“Requirements simply don’t exist. A requirement, by definition, is something required: the basis for a contract, a way of managing an external service provider, part of a deal where a buyer promises money and a contractor promises to deliver something well-defined. But within an enterprise, what does it mean for something to be “required”? A requirement purports to express a necessity, but where could this necessity come from? In a publicly held company, maximizing shareholder value might be a necessity, but how could a particular feature of an application be necessary when there might be many other ways of maximizing shareholder value?”
Mark Schwartz – A Seat at the Table: IT Leadership in the Age of Agility
Header Image: A spring sunrise taken on one of my pre-work walks. This was one of those cold and crisp days when sunrise often seems so vibrant.
“An obsession with listening is the ultimate mark of respect.”
Header image: On my way into work, the sun was trying to break through on a frosty, misty morning.
“it’s not enough to get the design right, you’ve got to design the right thing”
Bill Buxton – Designing the future with the help of the past with Bill Buxton
More complete quote:
Problem-setting is basically, it’s not enough to get the design right, you’ve got to design the right thing. And so, if you just leap in and start building something where you’ve got a solution, you have no idea if that’s the best option. There might have been a better way and you didn’t take time because you are already behind schedule. But here’s the crazy thing. At the beginning of the product cycle, you have a small team just getting going. Your burn rate, in terms of what it’s costing you per week in terms of the project and that, is very, very low. So, what you then should be doing is thoroughly exploring a range of different alternatives. Problem-setting, part of that process is this notion of, you cannot give me one idea. You have to learn how to work quickly and give me multiples. That’s a technique for this whole issue of, how do you deal with the problem-setting? And by exploring the space first… oh, that’s the real problem… Put it this way. You have a bunch of people that talk about user-centered design. And they’ll say, you know, go talk to your users and they will tell you what to do. Okay. Would you go to a doctor where you walked in, and the doctor said, okay what’s wrong with you, what operation do you need and what drugs should I give you under what dose, right? And that’s how some people naively interpret user-centered design, is “listen to users.” And, no. I’m going to ask you all kinds of questions. But I’m going to take all of those as part of the information that helps me make a diagnosis. And so, where do we collect the symptoms to find out where the real problems are? You’re telling me this. I understand the situation. Now, I have to know enough about your industry to ask pertinent questions. And for me, that’s what the problem-setting is. The designer, the main equipment is to have that meta-knowledge. And that’s where the diverse interests come in, so how do you get that knowledge? But if you don’t even know that’s the kind of knowledge you need to get, you’re not even going to go looking for it.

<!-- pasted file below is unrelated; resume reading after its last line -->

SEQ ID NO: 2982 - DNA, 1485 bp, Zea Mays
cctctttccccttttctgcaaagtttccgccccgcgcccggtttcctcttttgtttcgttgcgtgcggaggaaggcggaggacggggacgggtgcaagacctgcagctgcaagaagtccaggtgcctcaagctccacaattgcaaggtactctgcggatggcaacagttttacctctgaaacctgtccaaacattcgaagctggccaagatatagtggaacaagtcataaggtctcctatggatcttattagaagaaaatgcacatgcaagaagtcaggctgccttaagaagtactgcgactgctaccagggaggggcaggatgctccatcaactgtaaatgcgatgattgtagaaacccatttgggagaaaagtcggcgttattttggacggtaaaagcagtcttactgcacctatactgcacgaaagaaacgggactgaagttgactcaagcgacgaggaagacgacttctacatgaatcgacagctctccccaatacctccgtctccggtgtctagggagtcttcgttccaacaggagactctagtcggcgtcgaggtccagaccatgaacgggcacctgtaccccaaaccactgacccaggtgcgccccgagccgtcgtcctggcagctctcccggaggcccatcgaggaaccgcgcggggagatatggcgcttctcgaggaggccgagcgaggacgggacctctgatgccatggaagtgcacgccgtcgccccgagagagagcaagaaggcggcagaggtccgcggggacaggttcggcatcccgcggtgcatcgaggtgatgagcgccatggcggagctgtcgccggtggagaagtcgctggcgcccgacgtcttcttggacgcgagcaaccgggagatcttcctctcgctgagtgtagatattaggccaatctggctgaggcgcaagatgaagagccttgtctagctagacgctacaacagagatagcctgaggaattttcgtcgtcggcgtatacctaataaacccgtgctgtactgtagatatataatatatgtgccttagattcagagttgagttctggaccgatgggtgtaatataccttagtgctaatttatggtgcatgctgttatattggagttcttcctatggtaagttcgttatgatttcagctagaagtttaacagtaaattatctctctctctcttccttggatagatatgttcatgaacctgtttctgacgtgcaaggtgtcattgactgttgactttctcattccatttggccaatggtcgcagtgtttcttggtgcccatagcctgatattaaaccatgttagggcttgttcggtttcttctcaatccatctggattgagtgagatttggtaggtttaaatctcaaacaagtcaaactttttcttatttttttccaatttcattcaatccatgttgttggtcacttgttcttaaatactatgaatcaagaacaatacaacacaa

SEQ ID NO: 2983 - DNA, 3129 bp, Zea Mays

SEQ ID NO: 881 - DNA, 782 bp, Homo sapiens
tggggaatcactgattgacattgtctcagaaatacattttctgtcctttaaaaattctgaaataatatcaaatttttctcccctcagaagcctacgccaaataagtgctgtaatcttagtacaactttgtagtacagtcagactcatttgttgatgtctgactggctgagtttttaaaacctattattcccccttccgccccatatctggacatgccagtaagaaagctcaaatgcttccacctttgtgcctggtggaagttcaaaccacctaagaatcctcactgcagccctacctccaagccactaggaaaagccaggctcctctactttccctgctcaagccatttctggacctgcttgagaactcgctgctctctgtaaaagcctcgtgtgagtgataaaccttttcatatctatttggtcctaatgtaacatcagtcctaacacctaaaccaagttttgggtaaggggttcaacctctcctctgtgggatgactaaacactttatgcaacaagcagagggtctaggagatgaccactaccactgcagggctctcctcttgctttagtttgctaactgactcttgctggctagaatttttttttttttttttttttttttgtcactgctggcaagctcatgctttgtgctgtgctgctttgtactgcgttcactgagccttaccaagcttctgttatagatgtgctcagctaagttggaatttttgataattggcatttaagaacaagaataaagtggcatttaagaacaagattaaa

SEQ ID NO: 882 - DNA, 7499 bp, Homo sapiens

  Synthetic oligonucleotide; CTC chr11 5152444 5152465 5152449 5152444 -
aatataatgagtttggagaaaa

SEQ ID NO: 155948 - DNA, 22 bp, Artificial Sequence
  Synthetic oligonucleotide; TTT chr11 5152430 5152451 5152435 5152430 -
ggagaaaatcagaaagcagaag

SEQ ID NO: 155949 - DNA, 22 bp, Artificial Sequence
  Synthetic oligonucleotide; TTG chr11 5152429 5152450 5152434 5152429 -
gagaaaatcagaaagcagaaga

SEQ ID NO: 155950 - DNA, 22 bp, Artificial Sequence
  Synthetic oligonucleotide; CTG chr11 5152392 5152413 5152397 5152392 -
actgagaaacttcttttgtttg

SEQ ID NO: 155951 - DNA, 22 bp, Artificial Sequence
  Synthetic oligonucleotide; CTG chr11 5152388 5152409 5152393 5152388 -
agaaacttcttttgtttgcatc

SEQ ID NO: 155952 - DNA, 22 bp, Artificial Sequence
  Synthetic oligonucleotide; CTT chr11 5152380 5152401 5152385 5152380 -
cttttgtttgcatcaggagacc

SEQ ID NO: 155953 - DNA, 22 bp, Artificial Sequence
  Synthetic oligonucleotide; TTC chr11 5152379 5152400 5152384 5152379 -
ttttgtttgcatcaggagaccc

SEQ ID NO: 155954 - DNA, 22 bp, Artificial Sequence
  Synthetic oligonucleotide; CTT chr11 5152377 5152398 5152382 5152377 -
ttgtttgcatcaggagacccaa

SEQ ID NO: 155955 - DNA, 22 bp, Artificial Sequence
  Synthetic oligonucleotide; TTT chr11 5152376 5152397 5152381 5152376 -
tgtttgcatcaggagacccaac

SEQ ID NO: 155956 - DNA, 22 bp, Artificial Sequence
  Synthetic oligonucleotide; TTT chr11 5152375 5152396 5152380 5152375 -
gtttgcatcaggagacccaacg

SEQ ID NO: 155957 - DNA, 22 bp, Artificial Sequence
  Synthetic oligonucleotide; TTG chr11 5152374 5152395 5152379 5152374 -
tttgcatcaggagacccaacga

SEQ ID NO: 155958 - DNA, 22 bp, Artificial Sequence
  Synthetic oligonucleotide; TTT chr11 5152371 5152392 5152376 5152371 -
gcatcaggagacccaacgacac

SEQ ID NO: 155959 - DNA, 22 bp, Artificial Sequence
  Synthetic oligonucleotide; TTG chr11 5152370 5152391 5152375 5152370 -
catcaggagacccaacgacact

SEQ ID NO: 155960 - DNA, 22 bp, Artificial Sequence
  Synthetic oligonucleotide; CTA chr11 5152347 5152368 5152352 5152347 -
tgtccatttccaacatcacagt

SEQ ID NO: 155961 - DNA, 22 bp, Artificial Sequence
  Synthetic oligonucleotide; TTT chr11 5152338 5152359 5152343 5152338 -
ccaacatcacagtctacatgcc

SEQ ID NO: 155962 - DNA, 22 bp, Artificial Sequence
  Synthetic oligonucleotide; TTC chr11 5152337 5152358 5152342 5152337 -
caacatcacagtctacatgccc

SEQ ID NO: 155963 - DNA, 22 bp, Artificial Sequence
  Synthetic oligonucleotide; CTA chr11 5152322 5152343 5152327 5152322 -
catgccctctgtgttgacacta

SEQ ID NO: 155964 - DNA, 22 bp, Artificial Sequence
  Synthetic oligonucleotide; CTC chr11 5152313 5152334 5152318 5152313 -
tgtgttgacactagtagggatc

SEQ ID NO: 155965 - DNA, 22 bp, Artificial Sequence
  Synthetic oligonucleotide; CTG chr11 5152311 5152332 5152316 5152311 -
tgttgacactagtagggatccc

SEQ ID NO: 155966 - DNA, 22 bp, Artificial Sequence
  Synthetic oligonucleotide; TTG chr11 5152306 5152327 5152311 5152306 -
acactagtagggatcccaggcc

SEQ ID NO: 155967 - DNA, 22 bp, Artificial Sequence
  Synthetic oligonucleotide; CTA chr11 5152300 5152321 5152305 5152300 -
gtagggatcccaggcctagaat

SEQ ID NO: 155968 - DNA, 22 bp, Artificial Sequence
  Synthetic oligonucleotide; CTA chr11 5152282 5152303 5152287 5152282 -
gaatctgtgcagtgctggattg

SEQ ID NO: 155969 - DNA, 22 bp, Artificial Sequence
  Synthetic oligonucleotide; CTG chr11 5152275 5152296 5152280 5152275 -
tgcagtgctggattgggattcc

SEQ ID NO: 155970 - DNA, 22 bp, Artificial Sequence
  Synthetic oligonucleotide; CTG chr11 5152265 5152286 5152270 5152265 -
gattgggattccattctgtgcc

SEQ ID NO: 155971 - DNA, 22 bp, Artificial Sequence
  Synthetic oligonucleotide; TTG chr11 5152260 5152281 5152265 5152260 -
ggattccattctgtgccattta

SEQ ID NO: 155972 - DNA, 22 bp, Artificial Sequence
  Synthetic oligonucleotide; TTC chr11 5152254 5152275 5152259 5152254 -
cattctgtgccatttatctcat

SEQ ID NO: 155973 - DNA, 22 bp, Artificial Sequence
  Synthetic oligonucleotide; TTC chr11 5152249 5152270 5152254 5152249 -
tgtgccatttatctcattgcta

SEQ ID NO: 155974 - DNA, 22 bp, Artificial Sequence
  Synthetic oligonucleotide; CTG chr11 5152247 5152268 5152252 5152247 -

“Two percent of the people think; three percent of the people think they think; and ninety-five percent of the people would rather die than think.”
George Bernard Shaw
(I don’t think that there is any scientific basis for this quote 🙂 )